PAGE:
# 1.1 Optimization objective

hθ(x)=11+eθTx$h_\theta(x) = \frac{1}{1+e^{-\theta^T x}}$ IF y=1, we want hθ(x)1$h_\theta(x) \approx 1$, θTx0$\theta^Tx \gg 0$
IF y=0, we want hθ(x)0$h_\theta(x) \approx 0$, θTx0$\theta^Tx \ll 0$

J(θ)=1m[mi=1y(i)(loghθ(x(i)))+(1y(i))((log(1hθ(x(i)))))]+λ2mmj=1θ2j$J(\theta) = \frac{1}{m}[\sum_{i=1}^m y^{(i)} (-logh_{\theta}(x^{(i)})) + (1-y^{(i)})(-(log(1-h_\theta(x^{(i)}))))] + \frac{\lambda}{2m}\sum_{j=1}^{m}\theta_j^2$ costFunction也相应的改变为
J(θ)=1m[mi=1y(i)Cost1(θTx(i))+(1y(i))Cost0(θTx(i))]+λ2mmj=1θ2j$J(\theta) = \frac{1}{m}[\sum_{i=1}^m y^{(i)} Cost_1(\theta^Tx^{(i)}) + (1-y^{(i)})Cost_0(\theta^Tx^{(i)})] + \frac{\lambda}{2m}\sum_{j=1}^{m}\theta_j^2$

J(θ)=Cmi=1[y(i)Cost1(θTx(i))+(1y(i))Cost0(θTx(i))]+12mj=1θ2j$J(\theta) = C\sum_{i=1}^m [y^{(i)} Cost_1(\theta^Tx^{(i)}) + (1-y^{(i)})Cost_0(\theta^Tx^{(i)})] + \frac{1}{2}\sum_{j=1}^{m}\theta_j^2$

# 1.2 Large Margin Intuition IF y=1, we want θTx1$\theta^Tx \ge 1$ (not just 0$\ge 0$)
IF y=0, we want θTx1$\theta^Tx \le -1$ (not just 0$\le 0$) θTx(i)+1$\theta^Tx^{(i)} \ge +1$ 　 if y(i)=1$y^{(i)}=1$
θTx(i)1$\theta^Tx^{(i)} \le -1$ 　 if y(i)=0$y^{(i)}=0$

SVM通过寻找分类中淡黄色背景的那条线作为边界，而不是其余满足条件的边界，因此SVM又被称为大间隔分类器。  # 1.3 The mathematics behind large margin classification    # 1.4 Kernels  fi=similarity(x(i),l(i))=exp(||x(i)l(i)||22δ2)$f_i = similarity(x^{(i)}, l^{(i)}) = exp(-\frac{||x^{(i)} - l^{(i)}||^2}{2\delta^2})$
exp中的函数为高斯核函数

If x(i)l(i)$x^{(i)}\approx l^{(i)}$
fiexp(022δ2)1$f_i \approx exp(-\frac{0^2}{2\delta^2}) \approx 1$
If x(i)$x^{(i)}$ is far from l(i)$l^{(i)}$
fiexp((large　number)22δ2)0$f_i \approx exp(-\frac{(large number)^2}{2\delta^2}) \approx 0$    δ2$\delta^2$fi$f_i$分布更平滑，高偏差，低方差
δ2$\delta^2$fi$f_i$分布更集中，低偏差，高方差  SVM VS Logistic regression # 2 程序代码

2.1 使用SVM构建分类器，进行非线性分类，最后选择不同的C值选出最好的边界线。
ex6.m

%% Machine Learning Online Class
%  Exercise 6 | Support Vector Machines
%
%  Instructions
%  ------------
%
%  This file contains code that helps you get started on the
%  exercise. You will need to complete the following functions:
%
%     gaussianKernel.m
%     dataset3Params.m
%     processEmail.m
%     emailFeatures.m
%
%  For this exercise, you will not need to change any code in this file,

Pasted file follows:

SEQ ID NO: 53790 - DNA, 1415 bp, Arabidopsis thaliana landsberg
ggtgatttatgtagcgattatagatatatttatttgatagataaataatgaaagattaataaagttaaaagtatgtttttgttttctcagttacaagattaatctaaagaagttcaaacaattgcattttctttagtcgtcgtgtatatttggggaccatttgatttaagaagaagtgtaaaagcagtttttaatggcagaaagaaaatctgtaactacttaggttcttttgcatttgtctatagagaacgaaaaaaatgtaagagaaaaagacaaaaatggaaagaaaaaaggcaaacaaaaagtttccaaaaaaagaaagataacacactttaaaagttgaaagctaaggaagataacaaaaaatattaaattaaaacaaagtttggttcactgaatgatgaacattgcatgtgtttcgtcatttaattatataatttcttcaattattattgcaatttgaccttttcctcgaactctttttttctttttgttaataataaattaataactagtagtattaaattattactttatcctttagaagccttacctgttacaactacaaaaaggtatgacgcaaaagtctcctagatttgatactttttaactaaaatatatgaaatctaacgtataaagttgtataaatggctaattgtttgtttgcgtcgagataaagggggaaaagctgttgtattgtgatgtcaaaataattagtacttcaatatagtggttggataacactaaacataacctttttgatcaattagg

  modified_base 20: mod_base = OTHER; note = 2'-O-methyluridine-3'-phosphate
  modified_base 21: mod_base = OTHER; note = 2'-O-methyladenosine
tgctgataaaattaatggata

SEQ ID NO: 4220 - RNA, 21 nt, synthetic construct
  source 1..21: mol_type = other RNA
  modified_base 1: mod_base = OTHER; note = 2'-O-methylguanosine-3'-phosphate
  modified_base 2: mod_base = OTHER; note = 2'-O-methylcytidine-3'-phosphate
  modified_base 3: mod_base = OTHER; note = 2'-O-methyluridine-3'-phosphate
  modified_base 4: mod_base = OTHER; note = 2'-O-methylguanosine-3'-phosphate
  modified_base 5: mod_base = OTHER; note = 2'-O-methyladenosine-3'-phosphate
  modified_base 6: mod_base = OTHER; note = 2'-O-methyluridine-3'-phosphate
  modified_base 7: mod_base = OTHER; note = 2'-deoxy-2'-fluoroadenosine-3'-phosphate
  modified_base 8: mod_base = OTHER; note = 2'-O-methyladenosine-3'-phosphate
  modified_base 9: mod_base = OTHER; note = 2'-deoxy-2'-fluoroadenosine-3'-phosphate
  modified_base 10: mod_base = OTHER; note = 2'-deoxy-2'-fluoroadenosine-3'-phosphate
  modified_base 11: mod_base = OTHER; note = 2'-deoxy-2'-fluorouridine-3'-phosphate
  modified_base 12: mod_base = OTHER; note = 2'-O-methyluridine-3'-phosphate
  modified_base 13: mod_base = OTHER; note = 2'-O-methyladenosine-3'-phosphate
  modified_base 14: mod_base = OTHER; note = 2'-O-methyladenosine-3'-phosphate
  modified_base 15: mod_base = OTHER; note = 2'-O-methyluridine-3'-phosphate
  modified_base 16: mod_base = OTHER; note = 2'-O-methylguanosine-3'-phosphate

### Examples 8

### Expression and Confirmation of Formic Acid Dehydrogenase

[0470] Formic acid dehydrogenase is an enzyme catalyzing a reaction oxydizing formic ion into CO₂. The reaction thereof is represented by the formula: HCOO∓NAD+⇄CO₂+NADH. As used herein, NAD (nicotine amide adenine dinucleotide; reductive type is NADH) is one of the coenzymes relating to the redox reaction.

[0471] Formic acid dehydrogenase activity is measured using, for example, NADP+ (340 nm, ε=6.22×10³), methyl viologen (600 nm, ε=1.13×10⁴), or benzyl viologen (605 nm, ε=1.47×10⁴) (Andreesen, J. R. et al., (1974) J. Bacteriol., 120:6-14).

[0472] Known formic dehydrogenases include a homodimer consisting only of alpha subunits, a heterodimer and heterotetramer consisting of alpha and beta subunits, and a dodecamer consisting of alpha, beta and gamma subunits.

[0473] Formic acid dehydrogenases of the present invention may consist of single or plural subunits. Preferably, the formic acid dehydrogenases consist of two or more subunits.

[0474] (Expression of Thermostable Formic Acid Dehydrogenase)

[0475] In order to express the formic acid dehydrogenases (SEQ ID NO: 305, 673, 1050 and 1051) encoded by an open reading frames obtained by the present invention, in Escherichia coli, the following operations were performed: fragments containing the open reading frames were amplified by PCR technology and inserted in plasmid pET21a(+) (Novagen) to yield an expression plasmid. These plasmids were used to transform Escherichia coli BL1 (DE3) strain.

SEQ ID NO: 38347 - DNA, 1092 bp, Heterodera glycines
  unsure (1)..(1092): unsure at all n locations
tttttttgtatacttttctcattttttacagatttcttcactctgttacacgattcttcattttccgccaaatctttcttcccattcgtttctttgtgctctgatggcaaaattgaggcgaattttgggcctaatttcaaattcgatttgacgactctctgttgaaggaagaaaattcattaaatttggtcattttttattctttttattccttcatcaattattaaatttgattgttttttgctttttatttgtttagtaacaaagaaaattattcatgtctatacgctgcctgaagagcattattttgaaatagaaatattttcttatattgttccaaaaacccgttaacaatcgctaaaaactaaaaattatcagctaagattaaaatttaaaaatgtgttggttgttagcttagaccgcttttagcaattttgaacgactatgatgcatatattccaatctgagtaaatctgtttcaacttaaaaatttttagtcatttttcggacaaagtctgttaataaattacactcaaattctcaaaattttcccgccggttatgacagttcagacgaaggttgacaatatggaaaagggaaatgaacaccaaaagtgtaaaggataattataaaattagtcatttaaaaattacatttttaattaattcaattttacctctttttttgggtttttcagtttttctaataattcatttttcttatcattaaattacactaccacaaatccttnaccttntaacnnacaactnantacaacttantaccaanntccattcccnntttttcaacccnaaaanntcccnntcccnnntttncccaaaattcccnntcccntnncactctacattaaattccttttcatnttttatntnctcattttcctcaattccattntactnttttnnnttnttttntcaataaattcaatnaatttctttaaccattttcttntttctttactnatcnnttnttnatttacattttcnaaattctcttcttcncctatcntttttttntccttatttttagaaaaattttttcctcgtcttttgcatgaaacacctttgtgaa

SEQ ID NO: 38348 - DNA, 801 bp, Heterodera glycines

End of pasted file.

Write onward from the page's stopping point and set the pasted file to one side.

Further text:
%  or any other files other than those mentioned above.
%

%% Initialization
clear ; close all; clc

%  We start the exercise by first loading and visualizing the dataset.
%  The following code will load the dataset into your environment and plot
%  the data.
%

% You will have X, y in your environment

% Plot training data
plotData(X, y);

fprintf('Program paused. Press enter to continue.\n');
pause;

%% ==================== Part 2: Training Linear SVM ====================
%  The following code will train a linear SVM on the dataset and plot the
%  decision boundary learned.
%

% You will have X, y in your environment

fprintf('\nTraining Linear SVM ...\n')

% You should try to change the C value below and see how the decision
% boundary varies (e.g., try C = 1000)
C = 1;
model = svmTrain(X, y, C, @linearKernel, 1e-3, 20);
visualizeBoundaryLinear(X, y, model);

fprintf('Program paused. Press enter to continue.\n');
pause;

%% =============== Part 3: Implementing Gaussian Kernel ===============
%  You will now implement the Gaussian kernel to use
%  with the SVM. You should complete the code in gaussianKernel.m
%
fprintf('\nEvaluating the Gaussian Kernel ...\n')

x1 = [1 2 1]; x2 = [0 4 -1]; sigma = 2;
sim = gaussianKernel(x1, x2, sigma);

fprintf(['Gaussian Kernel between x1 = [1; 2; 1], x2 = [0; 4; -1], sigma = %f :' ...
'\n\t%f\n(for sigma = 2, this value should be about 0.324652)\n'], sigma, sim);

fprintf('Program paused. Press enter to continue.\n');
pause;

%% =============== Part 4: Visualizing Dataset 2 ================
%  The following code will load the next dataset into your environment and
%  plot the data.
%

% You will have X, y in your environment

% Plot training data
plotData(X, y);

fprintf('Program paused. Press enter to continue.\n');
pause;

%% ========== Part 5: Training SVM with RBF Kernel (Dataset 2) ==========
%  After you have implemented the kernel, we can now use it to train the
%  SVM classifier.
%
fprintf('\nTraining SVM with RBF Kernel (this may take 1 to 2 minutes) ...\n');

% You will have X, y in your environment

% SVM Parameters
C = 1; sigma = 0.1;

% We set the tolerance and max_passes lower here so that the code will run
% faster. However, in practice, you will want to run the training to
% convergence.
model= svmTrain(X, y, C, @(x1, x2) gaussianKernel(x1, x2, sigma));
visualizeBoundary(X, y, model);

fprintf('Program paused. Press enter to continue.\n');
pause;

%% =============== Part 6: Visualizing Dataset 3 ================
%  The following code will load the next dataset into your environment and
%  plot the data.
%

% You will have X, y in your environment

% Plot training data
plotData(X, y);

fprintf('Program paused. Press enter to continue.\n');
pause;

%% ========== Part 7: Training SVM with RBF Kernel (Dataset 3) ==========

%  This is a different dataset that you can use to experiment with. Try
%  different values of C and sigma here.
%

% You will have X, y in your environment

% Try different SVM Parameters here
[C, sigma] = dataset3Params(X, y, Xval, yval);

% Train the SVM
model= svmTrain(X, y, C, @(x1, x2) gaussianKernel(x1, x2, sigma));
visualizeBoundary(X, y, model);

fprintf('Program paused. Press enter to continue.\n');
pause;

gaussianKernel.m

function sim = gaussianKernel(x1, x2, sigma)
%RBFKERNEL returns a radial basis function kernel between x1 and x2
%   sim = gaussianKernel(x1, x2) returns a gaussian kernel between x1 and x2
%   and returns the value in sim

% Ensure that x1 and x2 are column vectors
x1 = x1(:); x2 = x2(:);

% You need to return the following variables correctly.
sim = 0;

% ====================== YOUR CODE HERE ======================